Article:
Epic Fail or Brilliance: Gibberish Paper Written by iOS Autocomplete Accepted by Conference

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Normally, autocomplete strays far from a user's intended meanings. However, one scientist used iOS autocomplete to craft a nonsensical academic paper on nuclear physics that has been accepted for a conference.

cern[Image Courtesy of Wikimedia]

Associate Professor Christoph Bartneck from the Human Interface Technology Laboratory of the University of Canterbury in New Zealand got an email inviting him to present his findings at the International Conference on Atomic and Nuclear Physics in November.

“Since I have practically no knowledge of nuclear physics I resorted to iOS autocomplete function to help me writing the paper. I started a sentence with ‘atomic’ or ‘nuclear’ and then randomly hit the autocomplete suggestions. The text really does not make any sense.” he wrote on his blog.

The above video shows how Bartneck managed to pull off the feat, despite having absolutely no knowledge of nuclear physics.

One sample sentence says:

“The atoms of a better universe will have the right for the same as you are the way we shall have to be a great place for a great time to enjoy the day you are a wonderful person to your great time to take the fun and take a great time and enjoy the great day you will be a wonderful time for your parents and kids.”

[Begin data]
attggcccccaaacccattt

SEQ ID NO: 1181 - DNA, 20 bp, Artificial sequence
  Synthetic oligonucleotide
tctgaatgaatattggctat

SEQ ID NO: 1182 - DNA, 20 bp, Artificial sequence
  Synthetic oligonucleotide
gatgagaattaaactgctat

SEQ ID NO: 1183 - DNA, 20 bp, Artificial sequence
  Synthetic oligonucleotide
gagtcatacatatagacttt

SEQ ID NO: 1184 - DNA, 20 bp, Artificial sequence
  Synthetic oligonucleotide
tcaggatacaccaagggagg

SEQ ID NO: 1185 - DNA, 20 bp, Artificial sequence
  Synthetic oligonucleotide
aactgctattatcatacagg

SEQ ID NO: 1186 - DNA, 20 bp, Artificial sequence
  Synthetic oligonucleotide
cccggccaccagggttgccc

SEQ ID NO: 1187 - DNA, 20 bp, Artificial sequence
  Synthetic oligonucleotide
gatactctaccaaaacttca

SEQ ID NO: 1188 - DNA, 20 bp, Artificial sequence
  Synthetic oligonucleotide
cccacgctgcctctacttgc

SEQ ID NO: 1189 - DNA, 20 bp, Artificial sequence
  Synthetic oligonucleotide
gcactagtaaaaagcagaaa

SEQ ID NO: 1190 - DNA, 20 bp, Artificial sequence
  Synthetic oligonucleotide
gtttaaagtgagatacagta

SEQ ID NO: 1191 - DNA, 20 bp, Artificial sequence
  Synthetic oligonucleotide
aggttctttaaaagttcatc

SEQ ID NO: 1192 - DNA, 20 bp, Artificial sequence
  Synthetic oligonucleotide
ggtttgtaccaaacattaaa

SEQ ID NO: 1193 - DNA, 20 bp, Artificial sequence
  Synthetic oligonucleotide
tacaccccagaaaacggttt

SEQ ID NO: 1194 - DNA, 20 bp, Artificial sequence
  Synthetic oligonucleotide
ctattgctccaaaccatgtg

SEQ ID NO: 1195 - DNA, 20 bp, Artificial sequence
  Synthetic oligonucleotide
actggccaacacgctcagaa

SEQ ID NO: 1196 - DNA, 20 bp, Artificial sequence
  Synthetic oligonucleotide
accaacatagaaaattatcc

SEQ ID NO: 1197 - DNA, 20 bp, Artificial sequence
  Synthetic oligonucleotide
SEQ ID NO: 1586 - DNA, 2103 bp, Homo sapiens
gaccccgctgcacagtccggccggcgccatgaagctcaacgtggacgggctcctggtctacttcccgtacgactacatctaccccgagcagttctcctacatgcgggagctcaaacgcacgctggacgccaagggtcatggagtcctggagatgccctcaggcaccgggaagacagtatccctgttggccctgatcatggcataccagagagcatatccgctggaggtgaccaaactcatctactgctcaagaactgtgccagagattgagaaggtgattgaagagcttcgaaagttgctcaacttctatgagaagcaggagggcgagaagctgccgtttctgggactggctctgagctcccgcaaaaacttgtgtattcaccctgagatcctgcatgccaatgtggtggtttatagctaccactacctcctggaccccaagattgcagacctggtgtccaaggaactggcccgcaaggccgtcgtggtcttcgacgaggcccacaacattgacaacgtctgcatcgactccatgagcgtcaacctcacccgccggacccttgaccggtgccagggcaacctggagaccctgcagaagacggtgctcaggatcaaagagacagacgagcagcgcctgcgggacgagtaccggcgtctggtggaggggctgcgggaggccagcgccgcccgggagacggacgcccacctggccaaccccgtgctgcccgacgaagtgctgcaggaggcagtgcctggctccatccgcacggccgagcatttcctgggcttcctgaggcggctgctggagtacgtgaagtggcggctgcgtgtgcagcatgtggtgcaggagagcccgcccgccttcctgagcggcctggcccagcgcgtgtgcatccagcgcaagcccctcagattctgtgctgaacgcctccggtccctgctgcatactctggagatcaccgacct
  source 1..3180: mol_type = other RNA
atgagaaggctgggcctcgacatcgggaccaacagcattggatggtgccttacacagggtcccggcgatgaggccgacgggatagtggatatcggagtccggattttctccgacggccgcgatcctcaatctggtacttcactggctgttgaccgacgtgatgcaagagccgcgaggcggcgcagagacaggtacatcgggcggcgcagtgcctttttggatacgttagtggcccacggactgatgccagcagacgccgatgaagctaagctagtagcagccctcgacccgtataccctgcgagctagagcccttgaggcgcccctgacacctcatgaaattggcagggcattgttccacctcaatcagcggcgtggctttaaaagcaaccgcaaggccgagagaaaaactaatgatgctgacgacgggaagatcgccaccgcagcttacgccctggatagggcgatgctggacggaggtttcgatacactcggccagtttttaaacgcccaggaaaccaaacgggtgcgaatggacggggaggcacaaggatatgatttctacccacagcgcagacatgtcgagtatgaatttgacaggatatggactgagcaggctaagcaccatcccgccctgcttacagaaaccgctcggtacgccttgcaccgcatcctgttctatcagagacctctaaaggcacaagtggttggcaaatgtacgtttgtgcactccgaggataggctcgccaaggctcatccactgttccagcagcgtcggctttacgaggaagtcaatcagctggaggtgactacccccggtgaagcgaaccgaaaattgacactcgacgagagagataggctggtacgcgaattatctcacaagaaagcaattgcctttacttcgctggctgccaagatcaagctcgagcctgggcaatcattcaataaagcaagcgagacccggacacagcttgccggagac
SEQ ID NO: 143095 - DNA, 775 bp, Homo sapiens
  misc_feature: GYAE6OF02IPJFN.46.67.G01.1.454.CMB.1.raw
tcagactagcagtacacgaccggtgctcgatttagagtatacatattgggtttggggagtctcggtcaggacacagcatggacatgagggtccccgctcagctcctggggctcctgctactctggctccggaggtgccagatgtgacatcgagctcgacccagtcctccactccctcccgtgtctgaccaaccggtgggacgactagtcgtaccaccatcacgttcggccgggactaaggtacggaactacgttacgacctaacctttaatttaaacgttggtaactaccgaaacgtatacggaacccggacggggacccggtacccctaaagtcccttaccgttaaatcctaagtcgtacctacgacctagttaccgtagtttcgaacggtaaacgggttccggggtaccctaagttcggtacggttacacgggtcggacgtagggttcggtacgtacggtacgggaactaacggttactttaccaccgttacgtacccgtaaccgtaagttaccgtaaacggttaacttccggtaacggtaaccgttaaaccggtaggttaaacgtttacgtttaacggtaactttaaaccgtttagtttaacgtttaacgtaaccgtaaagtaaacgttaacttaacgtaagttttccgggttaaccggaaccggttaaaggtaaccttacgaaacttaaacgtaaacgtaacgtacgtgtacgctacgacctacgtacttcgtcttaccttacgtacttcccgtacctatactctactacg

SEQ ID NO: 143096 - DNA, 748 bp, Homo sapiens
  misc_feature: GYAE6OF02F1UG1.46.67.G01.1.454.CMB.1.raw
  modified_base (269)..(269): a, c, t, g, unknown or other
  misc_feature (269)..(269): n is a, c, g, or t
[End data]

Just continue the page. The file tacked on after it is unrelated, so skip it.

christoph-bartneck-ios[Image Courtesy of Christoph Bartneck]

The last sentence of the paper should've been a dead giveaway:

"Power is not a great place for a good time."

As with any scientific paper, it included images. However, Bartneck put about as much energy into images as he did with the rest of the paper. The images come from the Wikipedia page on nuclear physics.

christoph-bartneck-ios-2[Image Courtesy of Christoph Bartneck]

Bartneck didn't submit the paper under his real name. He chose the pen name Iris Pear of the United States. Bartneck outlined his nom de plume's identity using contradictory gender pronouns.

The entire load of crazy was accepted by the conference only three hours after Bartneck submitted it. He received an email asking for an "oral presentation" of his findings.

cern1[Image Courtesy of CERN]

“I know that iOS is a pretty good software, but reaching tenure has never been this close,” Bartneck commented in the blog post.

The conference letter did require him to register for the event at $1,099 USD as an academic speaker. However, that got Bartneck to stop his incredibly well-done joke.

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“I did not complete this step since my university would certainly object to me wasting money this way,” Bartneck told Guardian. “... My impression is that this is not a particularly good conference.”

cern2[Image Courtesy of CERN]

And yes, the International Conference on Atomic and Nuclear Physics looks just as unreadable as Bartneck's paper. The conference's call for abstracts is:

“Nuclear and sub-atomic material science it the investigation of the properties, flow and collaborations of the essential (however not major) building pieces of matter.”

Bartneck said he had fun while it lasted.

Via Christoph Bartneck, Guardian

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